Archive: Issue No. 89, January 2005

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Guy Tillim

Guy Tillim
UN helicopter lands at Bunyatenge, eastern Democratic Republic of Congo, 2003

David Goldblatt

David Goldblatt
Pomfret Aspestos Mine, North-West Province, 2002

Jo Ractliffe

Jo Ractliffe
Birthday Cake (from the Diana archive 1990-1995)

Santu Mofokeng

Santu Mofokeng
Baragwanath, Soweto, 2004

SA Photography gets royal treatment
by Joost Bosland

In the cold, rainy center of Copenhagen, in the basement of the Black Diamond, one can find a fantastic survey exhibition of South African photography.

The 'Black Diamond' is the new hyper modern building of the Danish Royal Library. The National Museum of Photography is the pretentious name of a versatile exhibition space on the bottom floor of the building, where 'UNSETTLED: 8 South African photographers' is currently on show. And what a show it is.

Santu Mofokeng, David Goldblatt, Jodi Bieber, Guy Tillim, Lolo Veleko, Jo Ractliffe, and Adam Broomberg and Oliver Chanarin (the last two operating as a duo), form the impressive line-up. Over 120 photographs are on display.

The title of the exhibition, 'UNSETTLED,' at first glance seemed to be a reference to South Africa's history of European settlement. Uncolonised, was the initial vague interpretation of the exhibition's title in my mind. Of course, the term settlement is currently used as a description of spontaneous eruptions of living space in the urban landscape - informal settlements.

Fortunately, the young Danish curator of 'UNSETTLED,' Mads Damsbo, emphasizes yet another, and altogether more useful, connotation of the word: 'The word 'unsettled' refers to the effect of the unknown on the subject. The word is frequently used in existentialism, where it designates the ethical encounter between the subject and its other.'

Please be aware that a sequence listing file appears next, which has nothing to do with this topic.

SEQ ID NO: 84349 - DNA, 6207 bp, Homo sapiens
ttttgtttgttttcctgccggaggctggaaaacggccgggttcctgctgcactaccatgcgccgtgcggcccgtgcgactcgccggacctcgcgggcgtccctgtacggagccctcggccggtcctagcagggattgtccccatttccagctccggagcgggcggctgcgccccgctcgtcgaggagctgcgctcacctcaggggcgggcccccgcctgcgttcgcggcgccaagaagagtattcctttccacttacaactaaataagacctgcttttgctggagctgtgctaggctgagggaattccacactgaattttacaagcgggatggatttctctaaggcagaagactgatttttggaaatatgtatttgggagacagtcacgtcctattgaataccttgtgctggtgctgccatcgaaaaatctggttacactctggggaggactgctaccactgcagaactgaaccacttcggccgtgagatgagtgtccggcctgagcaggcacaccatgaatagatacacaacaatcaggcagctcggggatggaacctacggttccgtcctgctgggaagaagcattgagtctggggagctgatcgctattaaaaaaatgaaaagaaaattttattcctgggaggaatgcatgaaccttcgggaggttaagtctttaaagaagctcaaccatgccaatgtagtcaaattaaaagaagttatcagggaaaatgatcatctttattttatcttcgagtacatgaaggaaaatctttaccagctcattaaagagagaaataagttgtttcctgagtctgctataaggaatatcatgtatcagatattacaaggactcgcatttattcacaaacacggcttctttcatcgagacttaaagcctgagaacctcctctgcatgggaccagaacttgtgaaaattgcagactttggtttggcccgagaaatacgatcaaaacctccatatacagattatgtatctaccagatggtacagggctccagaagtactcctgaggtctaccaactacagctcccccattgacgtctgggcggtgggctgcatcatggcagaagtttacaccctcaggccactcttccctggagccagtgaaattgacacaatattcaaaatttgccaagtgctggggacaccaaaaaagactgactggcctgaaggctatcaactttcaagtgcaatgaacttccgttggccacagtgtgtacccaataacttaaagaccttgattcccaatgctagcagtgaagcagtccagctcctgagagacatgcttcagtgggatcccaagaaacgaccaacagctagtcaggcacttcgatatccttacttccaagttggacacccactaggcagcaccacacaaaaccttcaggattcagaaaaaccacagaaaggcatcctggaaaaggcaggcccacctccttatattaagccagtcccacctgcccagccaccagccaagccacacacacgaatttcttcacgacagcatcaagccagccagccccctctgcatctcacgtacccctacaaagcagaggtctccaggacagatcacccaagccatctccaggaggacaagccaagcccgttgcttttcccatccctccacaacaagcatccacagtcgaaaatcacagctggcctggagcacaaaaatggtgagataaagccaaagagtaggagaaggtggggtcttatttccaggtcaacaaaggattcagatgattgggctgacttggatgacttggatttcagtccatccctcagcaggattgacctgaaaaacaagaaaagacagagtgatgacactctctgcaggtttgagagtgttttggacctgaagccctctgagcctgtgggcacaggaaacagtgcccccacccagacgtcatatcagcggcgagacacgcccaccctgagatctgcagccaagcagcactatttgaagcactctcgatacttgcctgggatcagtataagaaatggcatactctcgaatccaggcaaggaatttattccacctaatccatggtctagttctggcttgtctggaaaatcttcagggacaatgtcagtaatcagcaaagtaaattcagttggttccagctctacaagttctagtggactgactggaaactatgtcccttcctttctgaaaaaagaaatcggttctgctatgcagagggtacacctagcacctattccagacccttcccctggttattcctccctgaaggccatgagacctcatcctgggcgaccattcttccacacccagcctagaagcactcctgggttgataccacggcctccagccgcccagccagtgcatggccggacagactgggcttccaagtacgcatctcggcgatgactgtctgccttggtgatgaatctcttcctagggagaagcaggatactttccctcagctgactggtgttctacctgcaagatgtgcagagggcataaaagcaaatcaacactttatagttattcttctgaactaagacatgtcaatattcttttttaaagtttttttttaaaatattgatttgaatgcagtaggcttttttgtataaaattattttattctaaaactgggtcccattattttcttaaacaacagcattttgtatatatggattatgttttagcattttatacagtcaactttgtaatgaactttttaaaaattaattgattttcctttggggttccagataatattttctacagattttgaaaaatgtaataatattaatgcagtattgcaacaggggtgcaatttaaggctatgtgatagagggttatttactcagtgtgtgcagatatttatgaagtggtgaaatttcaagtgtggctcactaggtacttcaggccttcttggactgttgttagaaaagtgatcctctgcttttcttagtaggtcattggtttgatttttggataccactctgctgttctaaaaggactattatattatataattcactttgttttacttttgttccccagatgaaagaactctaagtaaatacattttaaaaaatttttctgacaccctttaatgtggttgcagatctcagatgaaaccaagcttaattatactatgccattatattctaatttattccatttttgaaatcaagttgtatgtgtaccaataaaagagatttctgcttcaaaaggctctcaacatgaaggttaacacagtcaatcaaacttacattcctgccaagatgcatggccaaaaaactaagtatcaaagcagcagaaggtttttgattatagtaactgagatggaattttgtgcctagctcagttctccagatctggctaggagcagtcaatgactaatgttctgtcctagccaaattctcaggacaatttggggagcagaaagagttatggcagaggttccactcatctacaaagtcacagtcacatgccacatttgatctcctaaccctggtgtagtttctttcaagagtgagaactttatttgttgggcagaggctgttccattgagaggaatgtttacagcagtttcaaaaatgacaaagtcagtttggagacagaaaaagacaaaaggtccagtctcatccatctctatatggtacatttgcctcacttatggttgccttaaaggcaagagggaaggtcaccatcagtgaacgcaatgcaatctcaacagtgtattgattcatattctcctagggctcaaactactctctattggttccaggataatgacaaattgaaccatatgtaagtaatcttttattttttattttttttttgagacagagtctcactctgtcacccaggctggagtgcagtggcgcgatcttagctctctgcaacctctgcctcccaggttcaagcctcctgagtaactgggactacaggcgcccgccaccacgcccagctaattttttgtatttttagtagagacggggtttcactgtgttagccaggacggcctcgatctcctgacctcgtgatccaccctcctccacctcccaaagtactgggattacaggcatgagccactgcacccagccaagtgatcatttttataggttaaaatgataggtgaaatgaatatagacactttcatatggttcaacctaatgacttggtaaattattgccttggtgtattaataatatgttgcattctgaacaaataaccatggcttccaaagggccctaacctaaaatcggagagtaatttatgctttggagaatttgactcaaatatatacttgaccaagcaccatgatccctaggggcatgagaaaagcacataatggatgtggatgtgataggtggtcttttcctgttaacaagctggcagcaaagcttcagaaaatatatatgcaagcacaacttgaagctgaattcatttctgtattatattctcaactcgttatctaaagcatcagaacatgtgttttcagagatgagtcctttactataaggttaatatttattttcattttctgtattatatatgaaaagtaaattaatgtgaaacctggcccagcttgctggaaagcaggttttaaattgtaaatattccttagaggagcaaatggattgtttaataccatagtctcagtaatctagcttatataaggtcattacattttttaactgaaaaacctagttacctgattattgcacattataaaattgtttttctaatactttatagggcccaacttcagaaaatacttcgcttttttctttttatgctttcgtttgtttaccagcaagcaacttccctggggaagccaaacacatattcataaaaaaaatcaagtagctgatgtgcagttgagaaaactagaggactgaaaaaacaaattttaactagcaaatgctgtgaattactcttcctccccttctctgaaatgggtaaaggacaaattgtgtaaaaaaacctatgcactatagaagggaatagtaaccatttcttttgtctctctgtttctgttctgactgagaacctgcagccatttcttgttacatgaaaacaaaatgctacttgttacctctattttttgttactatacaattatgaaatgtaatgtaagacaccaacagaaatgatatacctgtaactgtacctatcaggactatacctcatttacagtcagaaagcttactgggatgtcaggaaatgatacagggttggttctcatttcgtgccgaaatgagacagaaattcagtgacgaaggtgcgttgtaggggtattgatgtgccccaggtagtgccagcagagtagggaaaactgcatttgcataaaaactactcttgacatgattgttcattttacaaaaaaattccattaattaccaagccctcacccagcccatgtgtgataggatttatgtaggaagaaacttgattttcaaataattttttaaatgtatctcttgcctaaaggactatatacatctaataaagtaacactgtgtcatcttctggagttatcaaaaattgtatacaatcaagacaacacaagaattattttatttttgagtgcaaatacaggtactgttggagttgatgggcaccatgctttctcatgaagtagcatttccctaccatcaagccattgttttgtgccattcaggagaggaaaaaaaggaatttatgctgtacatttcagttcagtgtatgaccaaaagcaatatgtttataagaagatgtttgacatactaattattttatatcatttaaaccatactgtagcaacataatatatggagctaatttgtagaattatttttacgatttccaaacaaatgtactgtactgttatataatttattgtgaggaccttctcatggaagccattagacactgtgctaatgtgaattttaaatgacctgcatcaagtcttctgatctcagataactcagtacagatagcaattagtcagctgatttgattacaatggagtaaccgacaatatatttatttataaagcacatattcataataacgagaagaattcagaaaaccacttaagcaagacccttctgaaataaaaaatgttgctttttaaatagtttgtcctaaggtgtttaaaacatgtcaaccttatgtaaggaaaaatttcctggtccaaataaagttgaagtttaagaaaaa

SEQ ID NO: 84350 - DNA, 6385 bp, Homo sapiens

Such concerns are indeed at the core of many of the photographs on the exhibition. The tension between the documentary and fine-art photography is clearly felt. The exhibition design and catalogue are indicators of a fine-art setting, but people like Bieber, Tillim and Broomberg and Chanarin belong - at least - to both worlds.

It startles me to see Tillim included in art exhibitions time after time, while his work differs little from that of many talented press photographers. He is a competent photographer, and his pictures are formally well-balanced compositions. His main subject matter is Africans in crisis situations: images that are all too familiar from the mass media.

Sean O'Toole, former ArtThrob editor, who provided an essay for the catalogue, classifies Tillim as 'just that, a war photographer'. However, as 'UNSETTLED' is a photography exhibition, at a photography-specific venue, Tillim is rightfully included. And to be honest, some of his pictures - Wrestlers, Luanda, Angola from 2001, for example - are stunning.

The Goldblatt pictures in 'UNSETTLED' are from his 'Asbestos' series. The images are far more indefinite, and could be rustic shots of rural life. The documentary quality is added not by default - because the visual language is immediately understood, like in Tillim's works - but by a powerful reappropriation of the title label. By including documentary information in the label, a vehicle that has become an intrinsic part of the artwork as we know it, he circumvents the risk of his photographs becoming decontextualised.